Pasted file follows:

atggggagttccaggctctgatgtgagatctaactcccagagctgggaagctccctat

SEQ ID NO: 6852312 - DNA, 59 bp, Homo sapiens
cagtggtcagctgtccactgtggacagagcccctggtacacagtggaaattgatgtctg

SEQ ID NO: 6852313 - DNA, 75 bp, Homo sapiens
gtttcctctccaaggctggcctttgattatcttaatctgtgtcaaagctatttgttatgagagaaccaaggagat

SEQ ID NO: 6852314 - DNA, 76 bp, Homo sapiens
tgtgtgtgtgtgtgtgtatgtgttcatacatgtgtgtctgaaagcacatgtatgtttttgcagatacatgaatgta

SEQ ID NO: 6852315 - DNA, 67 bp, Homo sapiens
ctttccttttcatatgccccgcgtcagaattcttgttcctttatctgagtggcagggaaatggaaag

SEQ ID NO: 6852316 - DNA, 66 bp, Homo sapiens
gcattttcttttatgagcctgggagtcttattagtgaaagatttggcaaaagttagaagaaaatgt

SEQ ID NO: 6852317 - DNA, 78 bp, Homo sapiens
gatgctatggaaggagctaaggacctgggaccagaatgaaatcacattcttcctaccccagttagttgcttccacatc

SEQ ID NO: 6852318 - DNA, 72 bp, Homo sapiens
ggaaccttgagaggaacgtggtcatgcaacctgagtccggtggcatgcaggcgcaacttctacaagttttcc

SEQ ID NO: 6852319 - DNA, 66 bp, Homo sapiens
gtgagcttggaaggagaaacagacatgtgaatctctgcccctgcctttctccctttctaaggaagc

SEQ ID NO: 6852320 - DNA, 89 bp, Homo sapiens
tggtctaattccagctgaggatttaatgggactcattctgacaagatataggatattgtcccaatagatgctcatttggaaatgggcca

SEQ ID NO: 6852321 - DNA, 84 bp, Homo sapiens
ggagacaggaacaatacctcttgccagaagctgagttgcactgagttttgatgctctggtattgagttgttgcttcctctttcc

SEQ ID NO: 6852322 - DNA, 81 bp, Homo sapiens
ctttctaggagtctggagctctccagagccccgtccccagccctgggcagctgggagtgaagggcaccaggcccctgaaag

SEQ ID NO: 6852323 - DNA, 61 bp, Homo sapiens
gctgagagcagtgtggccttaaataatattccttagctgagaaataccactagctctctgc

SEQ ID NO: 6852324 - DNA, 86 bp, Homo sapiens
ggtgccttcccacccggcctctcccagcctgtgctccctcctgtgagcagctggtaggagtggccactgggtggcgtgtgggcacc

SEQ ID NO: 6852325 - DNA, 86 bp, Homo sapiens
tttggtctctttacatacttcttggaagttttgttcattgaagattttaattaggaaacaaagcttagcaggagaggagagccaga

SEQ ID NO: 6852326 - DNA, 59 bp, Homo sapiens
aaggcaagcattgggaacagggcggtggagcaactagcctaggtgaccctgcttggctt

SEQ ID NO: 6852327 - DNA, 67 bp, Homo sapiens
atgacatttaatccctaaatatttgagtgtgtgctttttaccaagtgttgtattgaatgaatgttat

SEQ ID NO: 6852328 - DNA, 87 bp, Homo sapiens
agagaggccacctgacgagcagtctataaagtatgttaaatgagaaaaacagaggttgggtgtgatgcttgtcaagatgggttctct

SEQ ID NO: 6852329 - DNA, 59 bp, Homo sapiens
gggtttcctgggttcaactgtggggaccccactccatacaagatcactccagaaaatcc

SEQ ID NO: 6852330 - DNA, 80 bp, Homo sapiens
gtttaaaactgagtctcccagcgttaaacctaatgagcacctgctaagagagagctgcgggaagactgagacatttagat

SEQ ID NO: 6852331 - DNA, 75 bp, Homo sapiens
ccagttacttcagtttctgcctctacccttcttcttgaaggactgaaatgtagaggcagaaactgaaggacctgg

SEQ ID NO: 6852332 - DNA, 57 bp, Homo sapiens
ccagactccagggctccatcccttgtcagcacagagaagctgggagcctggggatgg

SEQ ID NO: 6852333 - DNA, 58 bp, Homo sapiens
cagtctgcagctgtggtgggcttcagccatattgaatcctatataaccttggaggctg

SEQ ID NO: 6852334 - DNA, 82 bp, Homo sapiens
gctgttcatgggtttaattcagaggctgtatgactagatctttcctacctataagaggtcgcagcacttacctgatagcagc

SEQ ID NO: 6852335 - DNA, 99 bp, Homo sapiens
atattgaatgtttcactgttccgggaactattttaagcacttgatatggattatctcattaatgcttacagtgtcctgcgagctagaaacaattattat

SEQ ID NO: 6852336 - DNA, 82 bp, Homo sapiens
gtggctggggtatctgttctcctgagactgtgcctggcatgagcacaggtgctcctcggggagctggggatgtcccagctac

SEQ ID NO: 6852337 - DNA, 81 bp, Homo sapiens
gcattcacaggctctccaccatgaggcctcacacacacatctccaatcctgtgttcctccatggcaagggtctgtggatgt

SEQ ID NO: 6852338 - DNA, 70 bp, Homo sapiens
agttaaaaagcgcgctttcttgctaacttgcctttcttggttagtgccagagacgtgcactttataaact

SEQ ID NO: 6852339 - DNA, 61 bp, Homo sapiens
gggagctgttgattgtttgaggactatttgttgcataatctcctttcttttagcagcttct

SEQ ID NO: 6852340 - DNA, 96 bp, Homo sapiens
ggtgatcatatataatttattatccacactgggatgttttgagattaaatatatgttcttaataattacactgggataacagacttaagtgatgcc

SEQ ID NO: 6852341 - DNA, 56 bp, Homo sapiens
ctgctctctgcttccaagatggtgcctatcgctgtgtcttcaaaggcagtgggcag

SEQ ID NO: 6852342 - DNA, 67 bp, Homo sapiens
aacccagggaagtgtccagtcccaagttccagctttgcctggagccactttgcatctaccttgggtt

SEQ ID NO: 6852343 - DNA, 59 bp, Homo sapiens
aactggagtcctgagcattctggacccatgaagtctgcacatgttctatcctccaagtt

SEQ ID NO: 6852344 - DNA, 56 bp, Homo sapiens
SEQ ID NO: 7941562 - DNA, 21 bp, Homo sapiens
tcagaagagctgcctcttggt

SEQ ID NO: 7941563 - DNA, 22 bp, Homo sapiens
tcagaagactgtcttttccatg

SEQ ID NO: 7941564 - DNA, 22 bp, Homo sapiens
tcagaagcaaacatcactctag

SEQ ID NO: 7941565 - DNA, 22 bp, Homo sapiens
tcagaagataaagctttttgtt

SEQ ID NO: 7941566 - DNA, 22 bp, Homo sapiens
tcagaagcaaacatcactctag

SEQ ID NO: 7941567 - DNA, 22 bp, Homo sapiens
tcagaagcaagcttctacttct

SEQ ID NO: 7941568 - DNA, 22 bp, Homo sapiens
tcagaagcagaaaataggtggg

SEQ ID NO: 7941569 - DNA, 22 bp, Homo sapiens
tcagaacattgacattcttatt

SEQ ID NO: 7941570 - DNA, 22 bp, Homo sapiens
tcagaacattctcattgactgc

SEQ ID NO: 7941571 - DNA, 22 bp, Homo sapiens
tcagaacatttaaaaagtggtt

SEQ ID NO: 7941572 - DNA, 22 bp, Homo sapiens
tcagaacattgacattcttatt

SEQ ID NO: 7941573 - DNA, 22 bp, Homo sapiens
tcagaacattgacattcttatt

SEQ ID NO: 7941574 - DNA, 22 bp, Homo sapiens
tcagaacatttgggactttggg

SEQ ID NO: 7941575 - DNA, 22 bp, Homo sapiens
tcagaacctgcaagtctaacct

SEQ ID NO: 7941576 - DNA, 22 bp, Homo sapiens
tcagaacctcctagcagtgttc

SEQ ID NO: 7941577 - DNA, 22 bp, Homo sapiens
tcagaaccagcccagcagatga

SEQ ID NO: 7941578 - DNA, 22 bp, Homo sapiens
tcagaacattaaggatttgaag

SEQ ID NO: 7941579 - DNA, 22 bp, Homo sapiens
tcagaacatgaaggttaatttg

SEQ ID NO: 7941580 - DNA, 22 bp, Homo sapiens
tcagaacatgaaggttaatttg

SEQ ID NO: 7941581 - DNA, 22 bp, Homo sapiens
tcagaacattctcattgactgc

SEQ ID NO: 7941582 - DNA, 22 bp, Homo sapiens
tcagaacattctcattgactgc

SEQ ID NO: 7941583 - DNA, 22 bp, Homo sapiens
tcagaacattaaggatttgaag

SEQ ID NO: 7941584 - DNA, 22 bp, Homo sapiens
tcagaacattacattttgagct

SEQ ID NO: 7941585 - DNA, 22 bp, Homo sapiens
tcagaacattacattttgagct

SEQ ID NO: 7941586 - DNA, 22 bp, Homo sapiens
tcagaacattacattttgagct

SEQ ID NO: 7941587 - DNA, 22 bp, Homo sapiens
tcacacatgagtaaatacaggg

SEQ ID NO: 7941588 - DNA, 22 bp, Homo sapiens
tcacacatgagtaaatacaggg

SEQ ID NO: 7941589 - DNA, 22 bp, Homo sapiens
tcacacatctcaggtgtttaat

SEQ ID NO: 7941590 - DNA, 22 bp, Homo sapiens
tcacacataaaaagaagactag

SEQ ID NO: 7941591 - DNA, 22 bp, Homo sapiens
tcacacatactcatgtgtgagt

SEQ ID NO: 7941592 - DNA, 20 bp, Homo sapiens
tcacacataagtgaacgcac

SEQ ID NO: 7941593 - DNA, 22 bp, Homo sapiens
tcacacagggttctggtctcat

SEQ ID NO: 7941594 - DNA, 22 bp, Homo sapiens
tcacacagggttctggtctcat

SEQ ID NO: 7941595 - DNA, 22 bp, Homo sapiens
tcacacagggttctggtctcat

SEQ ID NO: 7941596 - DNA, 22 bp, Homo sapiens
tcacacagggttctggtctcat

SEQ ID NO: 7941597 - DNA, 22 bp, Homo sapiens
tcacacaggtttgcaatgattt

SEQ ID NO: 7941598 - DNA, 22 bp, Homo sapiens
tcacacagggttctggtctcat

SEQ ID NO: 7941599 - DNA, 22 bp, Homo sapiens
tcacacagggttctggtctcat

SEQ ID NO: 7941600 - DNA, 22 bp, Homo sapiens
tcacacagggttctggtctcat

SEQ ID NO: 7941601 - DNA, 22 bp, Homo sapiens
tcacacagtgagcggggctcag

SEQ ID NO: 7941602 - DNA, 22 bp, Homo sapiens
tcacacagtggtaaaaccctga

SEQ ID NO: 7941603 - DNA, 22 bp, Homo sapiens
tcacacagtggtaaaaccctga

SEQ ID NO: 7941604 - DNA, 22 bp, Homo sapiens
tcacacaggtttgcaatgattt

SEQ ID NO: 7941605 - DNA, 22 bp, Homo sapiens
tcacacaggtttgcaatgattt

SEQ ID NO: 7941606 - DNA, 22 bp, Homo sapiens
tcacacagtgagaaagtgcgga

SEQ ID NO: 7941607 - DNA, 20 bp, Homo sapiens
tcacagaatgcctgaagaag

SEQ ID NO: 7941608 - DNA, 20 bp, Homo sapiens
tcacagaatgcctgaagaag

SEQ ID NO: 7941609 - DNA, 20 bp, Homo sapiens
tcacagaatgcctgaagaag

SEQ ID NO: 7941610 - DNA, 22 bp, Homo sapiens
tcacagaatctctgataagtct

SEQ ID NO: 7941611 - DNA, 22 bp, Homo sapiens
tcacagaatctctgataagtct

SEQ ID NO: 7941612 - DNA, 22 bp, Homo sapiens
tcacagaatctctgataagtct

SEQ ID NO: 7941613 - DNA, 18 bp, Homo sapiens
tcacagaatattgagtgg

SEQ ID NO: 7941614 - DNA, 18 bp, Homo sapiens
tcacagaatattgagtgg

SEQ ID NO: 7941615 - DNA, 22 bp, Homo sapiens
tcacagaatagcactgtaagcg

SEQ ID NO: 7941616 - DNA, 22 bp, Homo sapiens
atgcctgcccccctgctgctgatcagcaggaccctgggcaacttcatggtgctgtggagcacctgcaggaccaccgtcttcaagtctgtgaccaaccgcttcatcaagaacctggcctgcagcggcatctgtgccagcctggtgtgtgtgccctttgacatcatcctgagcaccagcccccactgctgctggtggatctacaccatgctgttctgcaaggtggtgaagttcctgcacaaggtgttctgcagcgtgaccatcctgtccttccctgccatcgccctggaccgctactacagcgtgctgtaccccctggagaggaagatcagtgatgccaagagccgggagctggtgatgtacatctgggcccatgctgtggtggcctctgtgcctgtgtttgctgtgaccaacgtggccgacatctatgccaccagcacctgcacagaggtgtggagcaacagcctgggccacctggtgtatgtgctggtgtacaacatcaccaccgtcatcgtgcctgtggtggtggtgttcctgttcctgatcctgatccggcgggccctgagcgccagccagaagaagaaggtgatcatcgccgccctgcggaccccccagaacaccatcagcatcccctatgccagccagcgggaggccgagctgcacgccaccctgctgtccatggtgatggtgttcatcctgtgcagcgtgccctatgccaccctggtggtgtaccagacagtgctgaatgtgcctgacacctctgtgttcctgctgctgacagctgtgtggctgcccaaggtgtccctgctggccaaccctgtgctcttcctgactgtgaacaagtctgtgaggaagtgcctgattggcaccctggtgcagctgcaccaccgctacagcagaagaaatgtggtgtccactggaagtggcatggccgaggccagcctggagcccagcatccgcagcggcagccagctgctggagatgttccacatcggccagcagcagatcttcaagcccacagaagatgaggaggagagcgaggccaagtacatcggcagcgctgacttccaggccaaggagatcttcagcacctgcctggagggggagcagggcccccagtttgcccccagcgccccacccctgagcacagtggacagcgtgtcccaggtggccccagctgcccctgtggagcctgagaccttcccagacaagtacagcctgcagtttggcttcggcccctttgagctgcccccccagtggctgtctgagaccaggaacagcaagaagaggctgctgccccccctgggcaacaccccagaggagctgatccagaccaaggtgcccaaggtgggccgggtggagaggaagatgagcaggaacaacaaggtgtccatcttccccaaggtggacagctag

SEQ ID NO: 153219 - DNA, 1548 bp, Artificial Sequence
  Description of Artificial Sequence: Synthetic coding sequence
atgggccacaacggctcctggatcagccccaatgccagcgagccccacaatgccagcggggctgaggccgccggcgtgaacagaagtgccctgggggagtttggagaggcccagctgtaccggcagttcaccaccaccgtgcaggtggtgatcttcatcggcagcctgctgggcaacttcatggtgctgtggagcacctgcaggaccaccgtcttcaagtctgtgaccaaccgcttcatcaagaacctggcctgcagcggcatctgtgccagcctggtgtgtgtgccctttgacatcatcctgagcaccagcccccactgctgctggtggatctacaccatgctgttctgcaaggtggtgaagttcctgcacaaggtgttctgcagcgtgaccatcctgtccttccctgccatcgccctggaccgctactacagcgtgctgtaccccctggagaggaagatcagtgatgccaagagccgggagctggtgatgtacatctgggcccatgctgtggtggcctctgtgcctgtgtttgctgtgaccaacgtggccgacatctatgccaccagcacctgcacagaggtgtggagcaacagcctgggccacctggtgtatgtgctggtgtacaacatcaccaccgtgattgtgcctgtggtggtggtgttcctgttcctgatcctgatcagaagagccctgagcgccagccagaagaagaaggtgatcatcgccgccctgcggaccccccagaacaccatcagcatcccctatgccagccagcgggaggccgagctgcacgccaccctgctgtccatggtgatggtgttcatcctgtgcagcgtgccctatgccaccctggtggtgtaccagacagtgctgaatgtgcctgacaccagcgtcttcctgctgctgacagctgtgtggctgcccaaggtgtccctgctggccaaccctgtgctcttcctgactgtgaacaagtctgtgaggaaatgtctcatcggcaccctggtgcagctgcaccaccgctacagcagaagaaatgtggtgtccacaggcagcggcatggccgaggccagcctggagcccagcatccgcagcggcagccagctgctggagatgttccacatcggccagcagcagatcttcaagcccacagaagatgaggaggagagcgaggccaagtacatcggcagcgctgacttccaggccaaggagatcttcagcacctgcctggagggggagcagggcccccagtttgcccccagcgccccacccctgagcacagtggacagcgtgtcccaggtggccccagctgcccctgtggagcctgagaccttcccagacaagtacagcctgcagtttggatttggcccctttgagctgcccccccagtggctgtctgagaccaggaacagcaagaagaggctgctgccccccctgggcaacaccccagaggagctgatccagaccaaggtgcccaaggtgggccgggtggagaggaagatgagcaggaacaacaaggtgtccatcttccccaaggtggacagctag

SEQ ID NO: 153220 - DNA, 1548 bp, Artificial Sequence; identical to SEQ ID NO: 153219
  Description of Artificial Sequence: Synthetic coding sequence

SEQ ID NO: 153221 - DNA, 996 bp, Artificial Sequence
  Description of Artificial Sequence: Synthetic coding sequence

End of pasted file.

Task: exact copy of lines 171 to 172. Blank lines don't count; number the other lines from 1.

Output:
SEQ ID NO: 7941614 - DNA, 18 bp, Homo sapiens
tcacagaatattgagtgg